In therapy they ask you what you liked as a child; how you played. Me? I wrote poems. All the time. Sent them to grandparents for holidays. I drew pictures. Lots of them. I wrote and illustrated stories. I never wondered if I was good, I knew I was. More importantly I thought I was.
Why is that more important? There are plenty of people mediocre at what they do living their dreams. I mean seriously, have you ever seen a butt-ugly building? Some aspiring architect followed his or her dream all the way through school and got accredited to design that building. Some planner agreed to build it. Does it really matter that I don't like it?
I have a friend who is excellent at many skills, but has said to me proudly, with her chin raised high, "The thing I do best is sewing!" I am incredulous. I'm a lousy sewer, but I know what makes a good sewer. My mom, for one. This woman in question leaves loose ends and seams that unravel, is without question not a detail person. But does it matter? Sewing makes her feel happy.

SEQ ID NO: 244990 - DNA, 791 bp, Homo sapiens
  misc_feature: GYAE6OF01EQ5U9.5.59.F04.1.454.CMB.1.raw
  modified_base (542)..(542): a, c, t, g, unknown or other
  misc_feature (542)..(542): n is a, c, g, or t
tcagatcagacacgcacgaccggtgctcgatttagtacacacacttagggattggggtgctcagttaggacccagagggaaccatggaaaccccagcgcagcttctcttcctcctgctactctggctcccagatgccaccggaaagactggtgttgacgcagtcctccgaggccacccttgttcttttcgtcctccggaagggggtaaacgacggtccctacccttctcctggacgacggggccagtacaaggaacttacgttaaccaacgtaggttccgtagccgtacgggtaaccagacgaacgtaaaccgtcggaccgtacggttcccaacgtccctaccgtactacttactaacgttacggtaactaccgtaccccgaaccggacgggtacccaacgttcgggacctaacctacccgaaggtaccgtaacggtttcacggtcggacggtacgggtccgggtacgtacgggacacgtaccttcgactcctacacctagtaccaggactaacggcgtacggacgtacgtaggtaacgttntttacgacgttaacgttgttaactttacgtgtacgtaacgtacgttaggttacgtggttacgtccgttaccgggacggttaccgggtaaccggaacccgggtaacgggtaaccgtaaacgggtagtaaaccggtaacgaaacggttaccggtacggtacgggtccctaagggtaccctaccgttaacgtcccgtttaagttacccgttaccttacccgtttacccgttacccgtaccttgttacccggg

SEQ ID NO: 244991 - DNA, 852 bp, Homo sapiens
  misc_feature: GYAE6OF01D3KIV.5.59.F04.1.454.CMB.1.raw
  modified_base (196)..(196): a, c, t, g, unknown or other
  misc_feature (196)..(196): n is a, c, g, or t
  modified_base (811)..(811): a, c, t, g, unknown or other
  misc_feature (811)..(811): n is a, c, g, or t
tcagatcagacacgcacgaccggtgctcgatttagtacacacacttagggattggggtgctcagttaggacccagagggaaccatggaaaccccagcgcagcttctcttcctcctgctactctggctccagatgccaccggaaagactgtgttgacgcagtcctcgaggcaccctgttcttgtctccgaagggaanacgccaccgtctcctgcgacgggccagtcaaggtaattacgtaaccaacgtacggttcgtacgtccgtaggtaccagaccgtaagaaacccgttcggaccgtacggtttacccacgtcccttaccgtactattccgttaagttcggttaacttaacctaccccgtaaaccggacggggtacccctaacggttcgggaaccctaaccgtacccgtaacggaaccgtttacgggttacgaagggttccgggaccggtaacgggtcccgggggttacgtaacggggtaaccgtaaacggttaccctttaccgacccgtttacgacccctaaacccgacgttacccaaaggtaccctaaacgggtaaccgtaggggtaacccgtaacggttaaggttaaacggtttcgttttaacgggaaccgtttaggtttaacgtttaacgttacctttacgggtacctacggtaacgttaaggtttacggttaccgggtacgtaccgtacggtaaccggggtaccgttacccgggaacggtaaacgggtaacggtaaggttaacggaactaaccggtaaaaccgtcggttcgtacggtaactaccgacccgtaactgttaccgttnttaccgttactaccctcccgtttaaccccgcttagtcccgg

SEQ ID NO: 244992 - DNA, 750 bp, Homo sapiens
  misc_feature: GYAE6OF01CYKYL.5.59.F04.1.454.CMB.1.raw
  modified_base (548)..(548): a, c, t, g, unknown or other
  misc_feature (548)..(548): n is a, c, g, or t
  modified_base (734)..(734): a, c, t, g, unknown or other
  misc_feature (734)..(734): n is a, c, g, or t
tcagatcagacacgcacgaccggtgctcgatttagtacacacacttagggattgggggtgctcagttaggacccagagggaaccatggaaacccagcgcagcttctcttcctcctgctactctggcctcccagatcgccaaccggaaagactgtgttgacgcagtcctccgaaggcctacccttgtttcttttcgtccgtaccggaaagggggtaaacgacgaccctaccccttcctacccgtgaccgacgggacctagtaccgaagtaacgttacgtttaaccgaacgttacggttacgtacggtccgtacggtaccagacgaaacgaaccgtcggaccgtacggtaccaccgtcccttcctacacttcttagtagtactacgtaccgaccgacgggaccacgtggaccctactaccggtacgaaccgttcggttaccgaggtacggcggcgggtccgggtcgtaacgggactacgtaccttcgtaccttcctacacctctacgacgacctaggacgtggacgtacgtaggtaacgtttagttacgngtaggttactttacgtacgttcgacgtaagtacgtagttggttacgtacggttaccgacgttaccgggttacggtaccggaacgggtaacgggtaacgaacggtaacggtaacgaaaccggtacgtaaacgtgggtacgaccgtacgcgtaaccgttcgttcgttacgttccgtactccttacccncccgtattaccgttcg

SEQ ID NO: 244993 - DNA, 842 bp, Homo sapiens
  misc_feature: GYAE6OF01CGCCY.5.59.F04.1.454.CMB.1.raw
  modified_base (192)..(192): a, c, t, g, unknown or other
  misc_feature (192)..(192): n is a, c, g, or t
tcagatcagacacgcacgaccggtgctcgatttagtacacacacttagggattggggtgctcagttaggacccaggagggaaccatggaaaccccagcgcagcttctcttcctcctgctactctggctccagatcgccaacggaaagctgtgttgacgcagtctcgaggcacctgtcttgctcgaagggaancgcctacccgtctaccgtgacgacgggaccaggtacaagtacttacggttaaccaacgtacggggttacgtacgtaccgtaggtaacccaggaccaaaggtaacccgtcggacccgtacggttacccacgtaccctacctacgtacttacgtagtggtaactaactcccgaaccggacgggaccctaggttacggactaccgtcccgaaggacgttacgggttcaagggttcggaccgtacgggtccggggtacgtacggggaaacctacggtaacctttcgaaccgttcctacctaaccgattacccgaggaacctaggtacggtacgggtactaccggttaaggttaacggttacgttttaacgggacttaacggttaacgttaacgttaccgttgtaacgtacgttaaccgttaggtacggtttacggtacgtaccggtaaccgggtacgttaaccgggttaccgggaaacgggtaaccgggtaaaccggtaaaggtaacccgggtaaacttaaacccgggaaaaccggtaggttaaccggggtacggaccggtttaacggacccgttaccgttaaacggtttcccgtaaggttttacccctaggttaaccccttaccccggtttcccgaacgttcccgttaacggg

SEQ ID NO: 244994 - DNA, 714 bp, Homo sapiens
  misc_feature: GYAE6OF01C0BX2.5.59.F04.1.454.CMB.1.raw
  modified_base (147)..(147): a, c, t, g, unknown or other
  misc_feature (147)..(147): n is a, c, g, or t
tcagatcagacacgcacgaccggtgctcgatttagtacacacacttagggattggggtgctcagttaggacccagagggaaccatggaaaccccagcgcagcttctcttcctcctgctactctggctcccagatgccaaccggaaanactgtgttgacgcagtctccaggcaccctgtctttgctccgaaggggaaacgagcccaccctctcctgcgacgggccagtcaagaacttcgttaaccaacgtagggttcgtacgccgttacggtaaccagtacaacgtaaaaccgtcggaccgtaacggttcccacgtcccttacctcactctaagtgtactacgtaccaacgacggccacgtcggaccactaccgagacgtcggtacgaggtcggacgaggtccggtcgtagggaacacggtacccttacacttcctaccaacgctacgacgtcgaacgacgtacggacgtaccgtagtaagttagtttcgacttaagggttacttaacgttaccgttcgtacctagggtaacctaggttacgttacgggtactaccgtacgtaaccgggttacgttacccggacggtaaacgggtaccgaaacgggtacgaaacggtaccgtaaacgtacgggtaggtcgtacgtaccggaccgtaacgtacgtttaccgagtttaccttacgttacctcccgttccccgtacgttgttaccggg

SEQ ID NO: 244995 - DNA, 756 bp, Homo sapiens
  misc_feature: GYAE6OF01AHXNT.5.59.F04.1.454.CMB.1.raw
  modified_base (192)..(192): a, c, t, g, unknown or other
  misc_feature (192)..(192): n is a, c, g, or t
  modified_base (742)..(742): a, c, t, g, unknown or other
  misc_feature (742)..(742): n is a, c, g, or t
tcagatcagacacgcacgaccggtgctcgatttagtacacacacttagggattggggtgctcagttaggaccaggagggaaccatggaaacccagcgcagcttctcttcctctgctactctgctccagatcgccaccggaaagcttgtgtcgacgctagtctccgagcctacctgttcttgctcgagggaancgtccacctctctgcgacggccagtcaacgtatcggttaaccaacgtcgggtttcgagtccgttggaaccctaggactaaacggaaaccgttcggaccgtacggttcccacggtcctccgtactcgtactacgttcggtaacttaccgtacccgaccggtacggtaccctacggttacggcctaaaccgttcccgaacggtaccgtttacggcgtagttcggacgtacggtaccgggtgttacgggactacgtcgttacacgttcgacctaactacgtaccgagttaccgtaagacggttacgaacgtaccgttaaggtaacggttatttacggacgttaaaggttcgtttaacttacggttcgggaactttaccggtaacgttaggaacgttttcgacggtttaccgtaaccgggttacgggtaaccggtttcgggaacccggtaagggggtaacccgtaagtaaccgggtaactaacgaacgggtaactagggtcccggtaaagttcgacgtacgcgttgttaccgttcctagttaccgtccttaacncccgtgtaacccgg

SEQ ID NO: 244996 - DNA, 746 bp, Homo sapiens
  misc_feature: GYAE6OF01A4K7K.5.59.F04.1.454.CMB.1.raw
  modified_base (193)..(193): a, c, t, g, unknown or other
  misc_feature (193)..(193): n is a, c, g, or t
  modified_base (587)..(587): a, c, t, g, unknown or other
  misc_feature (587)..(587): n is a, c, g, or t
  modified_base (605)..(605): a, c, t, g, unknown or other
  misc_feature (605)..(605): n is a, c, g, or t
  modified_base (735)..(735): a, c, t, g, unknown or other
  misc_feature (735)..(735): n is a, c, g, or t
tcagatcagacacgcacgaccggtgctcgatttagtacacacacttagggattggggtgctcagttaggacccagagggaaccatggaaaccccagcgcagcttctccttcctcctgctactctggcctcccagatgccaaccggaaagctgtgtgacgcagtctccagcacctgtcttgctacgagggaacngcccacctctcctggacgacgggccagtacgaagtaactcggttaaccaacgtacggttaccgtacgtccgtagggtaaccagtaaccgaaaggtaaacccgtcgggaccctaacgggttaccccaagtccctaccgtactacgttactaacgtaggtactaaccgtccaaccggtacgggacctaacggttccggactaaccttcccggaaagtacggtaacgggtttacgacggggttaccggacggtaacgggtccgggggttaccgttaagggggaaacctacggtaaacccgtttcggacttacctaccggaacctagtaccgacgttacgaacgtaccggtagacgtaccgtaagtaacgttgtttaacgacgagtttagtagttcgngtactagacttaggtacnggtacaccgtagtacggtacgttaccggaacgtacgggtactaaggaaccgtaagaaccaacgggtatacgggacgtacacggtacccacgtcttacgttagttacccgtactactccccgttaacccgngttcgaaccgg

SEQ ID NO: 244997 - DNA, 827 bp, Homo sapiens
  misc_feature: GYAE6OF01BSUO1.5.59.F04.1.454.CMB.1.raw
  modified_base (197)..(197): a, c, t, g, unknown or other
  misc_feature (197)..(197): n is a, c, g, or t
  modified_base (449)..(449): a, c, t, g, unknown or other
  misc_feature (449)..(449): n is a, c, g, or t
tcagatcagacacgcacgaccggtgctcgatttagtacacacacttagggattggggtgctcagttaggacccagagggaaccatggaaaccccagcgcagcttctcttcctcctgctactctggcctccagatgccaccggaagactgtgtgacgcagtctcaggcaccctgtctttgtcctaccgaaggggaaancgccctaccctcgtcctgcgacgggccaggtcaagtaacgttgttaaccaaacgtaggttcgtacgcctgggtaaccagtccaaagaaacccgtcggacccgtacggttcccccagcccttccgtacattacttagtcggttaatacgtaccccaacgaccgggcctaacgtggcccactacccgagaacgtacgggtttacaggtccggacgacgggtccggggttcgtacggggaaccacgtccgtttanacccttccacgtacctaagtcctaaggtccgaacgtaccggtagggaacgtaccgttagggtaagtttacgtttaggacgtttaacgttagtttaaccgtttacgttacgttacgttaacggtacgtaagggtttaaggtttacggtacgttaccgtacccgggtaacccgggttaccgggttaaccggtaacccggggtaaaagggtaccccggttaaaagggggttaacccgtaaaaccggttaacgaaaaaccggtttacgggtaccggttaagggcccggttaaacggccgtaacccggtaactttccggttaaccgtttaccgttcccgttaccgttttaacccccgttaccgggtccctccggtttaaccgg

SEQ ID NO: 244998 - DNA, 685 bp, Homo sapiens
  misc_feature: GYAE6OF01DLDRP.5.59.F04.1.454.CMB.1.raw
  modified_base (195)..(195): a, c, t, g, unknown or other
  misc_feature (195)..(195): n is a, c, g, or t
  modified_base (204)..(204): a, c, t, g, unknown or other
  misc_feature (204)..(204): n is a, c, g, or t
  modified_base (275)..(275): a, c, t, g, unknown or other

So, the therapist, the career specialist would ferret out my dreams and urge me to be a writer, an artist, a poet. Then the recession hits me in the face. Taps me on the shoulder. "Um, Meg? Like, you know, you could have checked all this out when you were home with the kids in school, your husband earning six figures. Like maybe that would have been a better time to explore your artistic dreams? Could you now please crumple them in a ball and throw them in that energy-efficient fireplace insert? They would make better fuel."
When met with this challenge--explore your inner self or continue to take turns down unfullfilling paths with uncertain monetary gain I end up doing neither, frozen like that proverbial deer in the headlights. My husband does the opposite. He is driven with frenetic energy doing everything he can, staying up until midnight writing reports, scrounging to earn us extra income. Rushing out the door, forgetting his keys, his wallet, getting speeding tickets. Neither of us seem to be making any headway. Clearly he is right? Isn't he?